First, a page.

Copshop, by Albert W. Vogt III

This past weekend presented a dilemma.  Neither the new Clint Eastwood film Cry Macho or the one I ultimately chose, Copshop, appealed to me.  When a movie reviewer such as myself is not inspired by any of the top selections, how does one make a decision?  The first place I went to was rotten tomatoes.  The fan reaction to both was roughly equal, so that was a wash.  The critic rating for Cry Macho, though, was a bit lower than for Copshop.  I chalk that up to critics generally still being mad at Eastwood for his speech at the Republican National Convention (RNC) a few years ago.  In any case, the man is over ninety years of age, and still seemingly trying to do action.  Thus, the choice came down to whether or not I wanted to see a really old guy shooting a gun, or some slightly less older guys shooting guns.  I went with the slightly less older guys and saw Copshop.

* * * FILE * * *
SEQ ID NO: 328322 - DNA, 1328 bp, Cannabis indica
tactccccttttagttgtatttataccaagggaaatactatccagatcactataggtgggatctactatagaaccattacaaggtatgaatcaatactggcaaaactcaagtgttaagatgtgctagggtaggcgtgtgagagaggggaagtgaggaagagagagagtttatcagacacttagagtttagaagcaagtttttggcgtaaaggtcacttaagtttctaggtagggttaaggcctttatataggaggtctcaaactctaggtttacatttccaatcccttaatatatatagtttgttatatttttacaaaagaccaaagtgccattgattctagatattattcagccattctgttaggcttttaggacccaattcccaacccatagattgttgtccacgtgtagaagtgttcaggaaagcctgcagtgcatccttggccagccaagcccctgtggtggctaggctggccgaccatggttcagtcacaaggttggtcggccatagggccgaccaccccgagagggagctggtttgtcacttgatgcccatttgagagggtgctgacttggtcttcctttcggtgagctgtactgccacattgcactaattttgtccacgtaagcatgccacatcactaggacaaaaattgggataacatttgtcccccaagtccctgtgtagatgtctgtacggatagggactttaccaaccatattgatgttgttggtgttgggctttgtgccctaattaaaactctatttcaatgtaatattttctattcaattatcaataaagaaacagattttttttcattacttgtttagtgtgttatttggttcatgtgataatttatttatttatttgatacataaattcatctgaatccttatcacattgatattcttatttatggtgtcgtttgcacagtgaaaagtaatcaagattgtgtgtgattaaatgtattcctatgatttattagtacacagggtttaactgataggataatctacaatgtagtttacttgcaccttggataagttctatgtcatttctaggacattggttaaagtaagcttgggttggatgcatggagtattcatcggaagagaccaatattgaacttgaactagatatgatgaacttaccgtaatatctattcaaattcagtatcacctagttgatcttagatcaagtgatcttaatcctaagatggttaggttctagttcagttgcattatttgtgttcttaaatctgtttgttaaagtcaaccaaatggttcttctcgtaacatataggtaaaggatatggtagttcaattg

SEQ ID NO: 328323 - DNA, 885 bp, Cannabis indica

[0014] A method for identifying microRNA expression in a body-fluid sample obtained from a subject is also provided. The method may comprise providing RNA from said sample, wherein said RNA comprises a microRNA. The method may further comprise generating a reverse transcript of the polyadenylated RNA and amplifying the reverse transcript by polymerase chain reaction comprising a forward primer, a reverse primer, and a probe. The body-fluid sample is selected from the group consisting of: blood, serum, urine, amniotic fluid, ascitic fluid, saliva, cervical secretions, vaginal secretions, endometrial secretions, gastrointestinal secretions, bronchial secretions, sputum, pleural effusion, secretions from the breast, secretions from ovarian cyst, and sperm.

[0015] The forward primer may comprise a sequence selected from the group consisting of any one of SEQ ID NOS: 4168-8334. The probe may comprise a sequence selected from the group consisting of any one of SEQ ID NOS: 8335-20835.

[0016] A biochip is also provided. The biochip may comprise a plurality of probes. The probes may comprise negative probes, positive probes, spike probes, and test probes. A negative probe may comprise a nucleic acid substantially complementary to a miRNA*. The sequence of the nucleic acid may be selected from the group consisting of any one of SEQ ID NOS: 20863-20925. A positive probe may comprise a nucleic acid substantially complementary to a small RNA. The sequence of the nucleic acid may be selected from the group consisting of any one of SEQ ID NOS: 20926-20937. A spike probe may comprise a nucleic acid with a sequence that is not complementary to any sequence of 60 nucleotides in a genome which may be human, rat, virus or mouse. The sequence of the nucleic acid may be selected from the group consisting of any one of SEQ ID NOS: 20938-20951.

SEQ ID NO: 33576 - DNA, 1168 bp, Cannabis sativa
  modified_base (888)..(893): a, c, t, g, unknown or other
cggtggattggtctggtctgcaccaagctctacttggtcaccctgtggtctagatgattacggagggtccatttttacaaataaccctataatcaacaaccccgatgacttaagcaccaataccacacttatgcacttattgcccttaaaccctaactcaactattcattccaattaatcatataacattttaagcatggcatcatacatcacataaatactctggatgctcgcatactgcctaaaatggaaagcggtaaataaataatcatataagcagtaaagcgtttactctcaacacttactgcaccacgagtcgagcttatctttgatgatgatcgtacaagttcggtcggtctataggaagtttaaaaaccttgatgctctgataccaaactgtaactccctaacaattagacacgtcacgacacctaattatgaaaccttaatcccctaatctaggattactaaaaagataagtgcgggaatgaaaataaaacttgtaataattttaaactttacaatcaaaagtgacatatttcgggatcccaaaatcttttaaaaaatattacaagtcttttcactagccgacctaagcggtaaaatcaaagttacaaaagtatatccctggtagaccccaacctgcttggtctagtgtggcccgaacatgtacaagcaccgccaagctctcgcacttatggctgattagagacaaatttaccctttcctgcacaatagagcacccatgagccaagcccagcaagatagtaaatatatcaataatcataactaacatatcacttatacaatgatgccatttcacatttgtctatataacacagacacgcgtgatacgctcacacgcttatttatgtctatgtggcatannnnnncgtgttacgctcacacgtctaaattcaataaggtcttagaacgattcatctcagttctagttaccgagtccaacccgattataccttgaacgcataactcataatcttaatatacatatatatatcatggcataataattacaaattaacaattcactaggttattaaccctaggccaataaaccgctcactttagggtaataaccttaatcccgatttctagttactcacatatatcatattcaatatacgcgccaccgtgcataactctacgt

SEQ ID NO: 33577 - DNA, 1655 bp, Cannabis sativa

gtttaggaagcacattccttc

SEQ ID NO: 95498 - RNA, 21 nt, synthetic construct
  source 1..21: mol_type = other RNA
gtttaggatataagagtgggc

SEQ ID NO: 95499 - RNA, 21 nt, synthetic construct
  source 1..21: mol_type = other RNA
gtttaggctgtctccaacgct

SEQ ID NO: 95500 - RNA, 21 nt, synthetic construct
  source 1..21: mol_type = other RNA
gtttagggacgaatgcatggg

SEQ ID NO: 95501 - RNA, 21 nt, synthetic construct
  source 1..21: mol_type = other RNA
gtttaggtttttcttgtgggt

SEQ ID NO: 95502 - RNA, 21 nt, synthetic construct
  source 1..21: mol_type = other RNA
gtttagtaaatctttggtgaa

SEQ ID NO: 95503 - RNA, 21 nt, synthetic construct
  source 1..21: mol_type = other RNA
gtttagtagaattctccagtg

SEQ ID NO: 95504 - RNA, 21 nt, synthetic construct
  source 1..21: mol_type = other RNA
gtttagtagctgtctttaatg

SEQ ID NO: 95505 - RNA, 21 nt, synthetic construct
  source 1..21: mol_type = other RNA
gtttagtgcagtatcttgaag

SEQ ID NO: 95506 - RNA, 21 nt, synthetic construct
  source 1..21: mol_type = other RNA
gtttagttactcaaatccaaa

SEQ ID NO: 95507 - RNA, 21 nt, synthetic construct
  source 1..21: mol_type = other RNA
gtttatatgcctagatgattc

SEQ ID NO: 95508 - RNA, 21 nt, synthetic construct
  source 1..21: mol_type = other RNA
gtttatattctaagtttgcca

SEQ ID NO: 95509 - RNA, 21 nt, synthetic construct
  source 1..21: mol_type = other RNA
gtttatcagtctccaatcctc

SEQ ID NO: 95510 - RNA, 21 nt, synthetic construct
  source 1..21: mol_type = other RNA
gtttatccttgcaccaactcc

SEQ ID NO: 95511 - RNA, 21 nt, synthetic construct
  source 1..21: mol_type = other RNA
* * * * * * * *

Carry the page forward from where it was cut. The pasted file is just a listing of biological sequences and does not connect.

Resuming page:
Teddy Murretto (Frank Grillo) opens Copshop on the run . . . from somebody.  He is in a stolen police vehicle that he eventually abandons.  Cut to rookie officer Valerie Young (Alexis Louder) practicing her gun handling while her sergeant (Chad Coleman) chows down on a burger from a food truck.  It is not long before their break is interrupted by a call of a disturbance at a nearby casino.  Officer Young wades into the brawl when they arrive, but is soon sucker punched by our mysterious Teddy.  It would appear this is part of his plan, and is seems perfectly comfortable as he is taken into custody.  After a brief interrogation, he is given his phone call.  He attempts to reach his ex-wife, but there is no answer, and is soon taken to a holding cell.  He is joined minutes later in the cell across from his by an extremely drunk John Doe.  This turns out to be a hitman named Bob Viddick (Gerard Butler), and he is there to kill Teddy.  The reason for this murder mission, as it eventually unfolds to Officer Young, is that Teddy is something known as a “fixer.”  A district attorney had been fatally shot in his office, and Teddy knows too much about the people involved.  He thus got himself arrested for protection.  There are several pitfalls to this plan.  The first of these is one of Officer Young’s co-workers, Officer Huber (Ryan O’Nan).  Apparently, he owes . . . something . . . to powerful people, and has tipped them off to Teddy’s presence in the station.  This brings a grand total of two assassins to headquarters.  The first is the aforementioned Bob.  The second is Anthony Lamb (Toby Huss).  While bickering about Bob’s mission, Teddy accuses his fellow detainee of being a psychopath.  Bob responds by citing professional pride, and when Anthony shows up, he points to the new arrival as the real psychopath.  This is demonstrated by the fact that Anthony gleefully and wantonly murders every police officer he sees, except for Huber, who helps.  Officer Young, though, is able to make her way to the holding cells and barricade herself inside.  In the process, she accidentally shoots herself in the stomach, so time is running out for her.  The two convicts try to convince her to join their cause, citing the need to take care of her wound before she bleeds to death.  For Bob, it is simple.  He tries to get her to understand that Teddy is a bad man.  If she freed Bob, he would accomplish his mission of taking an awful person out of this world and allow her get help.  With Teddy, it involves building trust.  To do so, he tells her more about how he got in this situation, even though the fellow officer she contacts to corroborate his story, Detective Schier (Tracey Bonner), claims it is false.  This is because she is in on the whole sordid business, though this aspect of the plot goes nowhere.  Anyway, eventually Officer Young ends up tossing the keys to Teddy, who then takes her gun in order to do battle with Anthony.  When he does not come back as promised, she then turns to Bob.  This all sets up a ridiculous shootout inside police headquarters that ends in the deaths of Anthony, Huber, and Teddy.  Bob does come to Officer Young’s rescue when Detective Schier gets to the station and is about to kill the rookie for her part in this nonsense.  Bob then drives away as other emergency personnel finally get to the scene.  Not content with letting him go, Officer Young then hijacks the ambulance she is in and takes off in pursuit.  And that concludes this circus.